Fitbit to customers: May the Force not be with you

By Jonah Comstock
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Fitbit ForceFitbit has announced a voluntary recall of the Fitbit Force after a number of users complained of somewhat mysterious bouts of skin irritation, usually occurring a number of weeks after they began wearing the tracker.

"Recently, some Force users have reported skin irritation," Fitbit CEO James Park said in an open letter to customers. "While only 1.7 percent of Force users have reported any type of skin irritation, we care about every one of our customers. On behalf of the entire Fitbit team, I want to apologize to anyone affected."

Fitbit does not appear to have isolated the cause of the reaction, which was initially thought to be an allergic reaction to nickel in the bracelet's fastener. A recent report in Consumer Affairs points out a number of inconsistencies between peoples' reaction to the Force and the typical nickel allergy, however, including the time frame and location of the rashes, and the fact that one person reported reacting despite wrapping the device in electrical tape.

"All Force materials are commonly used in consumer products," Park wrote. "However, some users may be reacting to the nickel present in the surgical grade stainless steel used in the device. Other users are likely experiencing an allergic reaction to the materials used in the strap or the adhesives used to assemble the product."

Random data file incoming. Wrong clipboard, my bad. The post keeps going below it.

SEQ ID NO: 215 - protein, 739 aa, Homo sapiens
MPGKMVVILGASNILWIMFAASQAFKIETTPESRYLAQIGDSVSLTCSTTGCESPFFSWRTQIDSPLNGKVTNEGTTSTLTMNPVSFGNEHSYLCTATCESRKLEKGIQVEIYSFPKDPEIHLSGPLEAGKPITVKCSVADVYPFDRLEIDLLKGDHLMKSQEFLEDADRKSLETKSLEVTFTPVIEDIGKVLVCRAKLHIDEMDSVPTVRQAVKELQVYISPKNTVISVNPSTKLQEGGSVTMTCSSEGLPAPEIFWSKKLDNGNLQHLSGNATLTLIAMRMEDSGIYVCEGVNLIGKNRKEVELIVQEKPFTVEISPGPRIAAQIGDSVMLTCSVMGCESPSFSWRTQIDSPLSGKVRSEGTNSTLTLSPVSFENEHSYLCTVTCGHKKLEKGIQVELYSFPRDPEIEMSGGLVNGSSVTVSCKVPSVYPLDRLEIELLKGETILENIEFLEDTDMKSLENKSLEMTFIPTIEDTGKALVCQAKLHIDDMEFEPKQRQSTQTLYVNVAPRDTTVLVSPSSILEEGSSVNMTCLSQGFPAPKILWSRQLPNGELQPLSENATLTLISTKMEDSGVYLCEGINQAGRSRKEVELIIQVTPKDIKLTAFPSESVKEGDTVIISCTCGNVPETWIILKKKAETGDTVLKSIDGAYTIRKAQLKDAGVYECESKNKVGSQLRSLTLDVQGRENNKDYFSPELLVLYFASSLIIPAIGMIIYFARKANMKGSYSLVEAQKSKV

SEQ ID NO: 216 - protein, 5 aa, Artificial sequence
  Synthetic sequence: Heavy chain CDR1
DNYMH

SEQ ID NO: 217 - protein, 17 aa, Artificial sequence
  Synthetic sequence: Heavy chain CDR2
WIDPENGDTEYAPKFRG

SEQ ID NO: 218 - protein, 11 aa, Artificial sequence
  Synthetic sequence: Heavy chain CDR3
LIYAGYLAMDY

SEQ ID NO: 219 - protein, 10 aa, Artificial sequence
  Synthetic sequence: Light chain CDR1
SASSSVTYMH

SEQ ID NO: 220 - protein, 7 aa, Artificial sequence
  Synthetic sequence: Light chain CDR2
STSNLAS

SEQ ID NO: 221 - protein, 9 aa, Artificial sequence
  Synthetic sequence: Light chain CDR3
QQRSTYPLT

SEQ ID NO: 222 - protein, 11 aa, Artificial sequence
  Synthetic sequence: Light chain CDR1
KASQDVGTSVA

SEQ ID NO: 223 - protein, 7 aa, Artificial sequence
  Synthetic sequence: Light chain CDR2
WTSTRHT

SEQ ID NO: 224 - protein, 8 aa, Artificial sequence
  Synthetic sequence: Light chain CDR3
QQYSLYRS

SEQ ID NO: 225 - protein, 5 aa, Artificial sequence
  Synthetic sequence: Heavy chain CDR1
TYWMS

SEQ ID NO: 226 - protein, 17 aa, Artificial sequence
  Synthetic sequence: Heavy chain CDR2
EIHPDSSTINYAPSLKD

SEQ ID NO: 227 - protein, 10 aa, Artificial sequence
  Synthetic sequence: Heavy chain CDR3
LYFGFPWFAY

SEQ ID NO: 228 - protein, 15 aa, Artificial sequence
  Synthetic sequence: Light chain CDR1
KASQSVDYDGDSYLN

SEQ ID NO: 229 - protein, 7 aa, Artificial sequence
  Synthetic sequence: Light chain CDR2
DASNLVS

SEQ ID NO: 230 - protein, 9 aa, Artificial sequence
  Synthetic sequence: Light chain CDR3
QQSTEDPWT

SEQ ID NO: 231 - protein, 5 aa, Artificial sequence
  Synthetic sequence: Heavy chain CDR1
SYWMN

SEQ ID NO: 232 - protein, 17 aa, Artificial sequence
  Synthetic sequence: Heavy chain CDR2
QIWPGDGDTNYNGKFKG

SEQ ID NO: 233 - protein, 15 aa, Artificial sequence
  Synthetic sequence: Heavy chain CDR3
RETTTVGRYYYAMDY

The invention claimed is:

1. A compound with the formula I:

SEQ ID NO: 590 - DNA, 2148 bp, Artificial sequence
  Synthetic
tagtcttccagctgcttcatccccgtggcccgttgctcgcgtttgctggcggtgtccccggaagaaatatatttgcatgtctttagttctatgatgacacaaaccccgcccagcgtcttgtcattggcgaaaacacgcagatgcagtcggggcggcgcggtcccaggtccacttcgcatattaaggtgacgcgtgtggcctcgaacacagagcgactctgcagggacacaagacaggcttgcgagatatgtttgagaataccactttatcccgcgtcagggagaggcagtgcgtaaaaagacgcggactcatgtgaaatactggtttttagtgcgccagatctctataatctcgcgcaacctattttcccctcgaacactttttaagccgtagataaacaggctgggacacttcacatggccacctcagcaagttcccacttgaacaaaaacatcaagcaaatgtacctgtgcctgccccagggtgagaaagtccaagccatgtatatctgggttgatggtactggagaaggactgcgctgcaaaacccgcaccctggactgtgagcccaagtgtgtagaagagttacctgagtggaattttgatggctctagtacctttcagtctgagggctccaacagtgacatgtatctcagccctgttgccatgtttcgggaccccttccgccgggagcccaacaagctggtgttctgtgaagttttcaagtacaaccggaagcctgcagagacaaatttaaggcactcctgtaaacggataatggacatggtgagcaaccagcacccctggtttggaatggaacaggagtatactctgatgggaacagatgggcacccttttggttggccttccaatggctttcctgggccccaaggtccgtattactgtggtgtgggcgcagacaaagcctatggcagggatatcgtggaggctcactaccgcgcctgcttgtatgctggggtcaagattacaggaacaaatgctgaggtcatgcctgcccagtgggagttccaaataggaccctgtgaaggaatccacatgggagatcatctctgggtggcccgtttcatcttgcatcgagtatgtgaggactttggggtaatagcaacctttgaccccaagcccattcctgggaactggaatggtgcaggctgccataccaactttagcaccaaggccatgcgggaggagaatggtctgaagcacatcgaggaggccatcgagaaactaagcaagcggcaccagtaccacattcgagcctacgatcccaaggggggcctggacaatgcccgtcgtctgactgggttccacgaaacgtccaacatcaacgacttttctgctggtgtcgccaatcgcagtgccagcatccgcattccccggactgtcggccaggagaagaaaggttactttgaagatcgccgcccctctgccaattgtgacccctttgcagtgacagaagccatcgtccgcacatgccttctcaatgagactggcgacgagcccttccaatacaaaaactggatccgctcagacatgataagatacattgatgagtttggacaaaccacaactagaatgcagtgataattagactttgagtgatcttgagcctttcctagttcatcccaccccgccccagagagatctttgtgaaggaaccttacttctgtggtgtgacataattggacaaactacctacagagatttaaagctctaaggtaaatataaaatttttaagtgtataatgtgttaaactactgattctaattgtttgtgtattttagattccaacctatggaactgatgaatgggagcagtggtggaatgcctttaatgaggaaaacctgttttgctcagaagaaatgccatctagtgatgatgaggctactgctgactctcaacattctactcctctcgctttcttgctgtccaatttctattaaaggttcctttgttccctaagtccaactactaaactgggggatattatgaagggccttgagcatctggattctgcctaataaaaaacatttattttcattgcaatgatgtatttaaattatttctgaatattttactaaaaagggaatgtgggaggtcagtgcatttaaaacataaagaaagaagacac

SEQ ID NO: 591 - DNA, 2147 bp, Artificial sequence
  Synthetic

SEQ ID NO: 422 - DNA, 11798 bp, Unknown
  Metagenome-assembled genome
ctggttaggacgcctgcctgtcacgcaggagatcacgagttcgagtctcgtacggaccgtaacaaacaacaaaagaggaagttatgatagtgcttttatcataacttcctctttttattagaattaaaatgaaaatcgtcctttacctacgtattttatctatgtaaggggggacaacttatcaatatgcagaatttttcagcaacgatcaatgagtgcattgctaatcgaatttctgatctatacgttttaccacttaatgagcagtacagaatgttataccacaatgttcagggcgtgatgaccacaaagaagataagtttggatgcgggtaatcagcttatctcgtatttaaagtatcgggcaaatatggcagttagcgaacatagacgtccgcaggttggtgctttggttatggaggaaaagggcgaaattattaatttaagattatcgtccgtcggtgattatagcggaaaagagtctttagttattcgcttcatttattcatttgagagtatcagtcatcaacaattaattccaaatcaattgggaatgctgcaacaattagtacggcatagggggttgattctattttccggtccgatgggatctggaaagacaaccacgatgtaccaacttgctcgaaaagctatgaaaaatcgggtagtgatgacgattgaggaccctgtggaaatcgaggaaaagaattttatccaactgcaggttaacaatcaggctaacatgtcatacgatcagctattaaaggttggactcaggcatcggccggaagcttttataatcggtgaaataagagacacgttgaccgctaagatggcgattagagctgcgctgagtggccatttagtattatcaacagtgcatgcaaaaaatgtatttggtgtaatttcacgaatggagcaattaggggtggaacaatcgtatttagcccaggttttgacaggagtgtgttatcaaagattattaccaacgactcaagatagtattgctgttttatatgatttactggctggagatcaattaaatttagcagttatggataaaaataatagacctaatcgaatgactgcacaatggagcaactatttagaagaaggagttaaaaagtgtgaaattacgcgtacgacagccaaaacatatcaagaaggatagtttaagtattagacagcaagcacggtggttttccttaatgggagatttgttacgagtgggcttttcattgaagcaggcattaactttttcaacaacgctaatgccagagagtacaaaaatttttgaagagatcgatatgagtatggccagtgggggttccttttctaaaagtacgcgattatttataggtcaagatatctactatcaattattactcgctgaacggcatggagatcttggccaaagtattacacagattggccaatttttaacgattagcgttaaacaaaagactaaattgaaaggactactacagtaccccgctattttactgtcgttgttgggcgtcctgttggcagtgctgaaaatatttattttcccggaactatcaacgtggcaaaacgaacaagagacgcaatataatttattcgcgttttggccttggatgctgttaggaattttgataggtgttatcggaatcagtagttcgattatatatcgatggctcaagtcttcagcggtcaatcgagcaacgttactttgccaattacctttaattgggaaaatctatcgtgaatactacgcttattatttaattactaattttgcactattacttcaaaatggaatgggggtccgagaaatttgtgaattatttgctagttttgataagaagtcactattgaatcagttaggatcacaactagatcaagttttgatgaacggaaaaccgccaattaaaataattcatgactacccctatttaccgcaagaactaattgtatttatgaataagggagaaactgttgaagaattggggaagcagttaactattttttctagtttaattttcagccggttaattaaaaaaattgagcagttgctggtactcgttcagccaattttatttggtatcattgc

Perhaps because the cause is still unclear, Fitbit is not offering to replace users' Force wristbands with a new device. Instead, Force customers who send in their device can receive a full refund on the device. Park said in the same letter that Fitbit's next generation device is coming soon, implying that the company will simply be moving on with its product pipeline, rather than trying to fix the Force. Additional Fitbit Forces will not be sold by the company.

Fitbit is not the first activity tracker company to issue a voluntary recall and discontinue a product. In 2011, Jawbone experienced an early stumble in the space, when it voluntarily recalled the first generation of its UP bracelet in 2011 following reports of numerous electronic problems. That recall set the company back a full year, almost sinking Jawbone's health tracker business before it began.

The news comes at a time when Fitbit's profile is quite high: Last month, the NPD group released data indicating that Fitbit is leading its competitors by a significant margin in retail sales, making up 67 percent of the full-body activity trackers sold in 2013.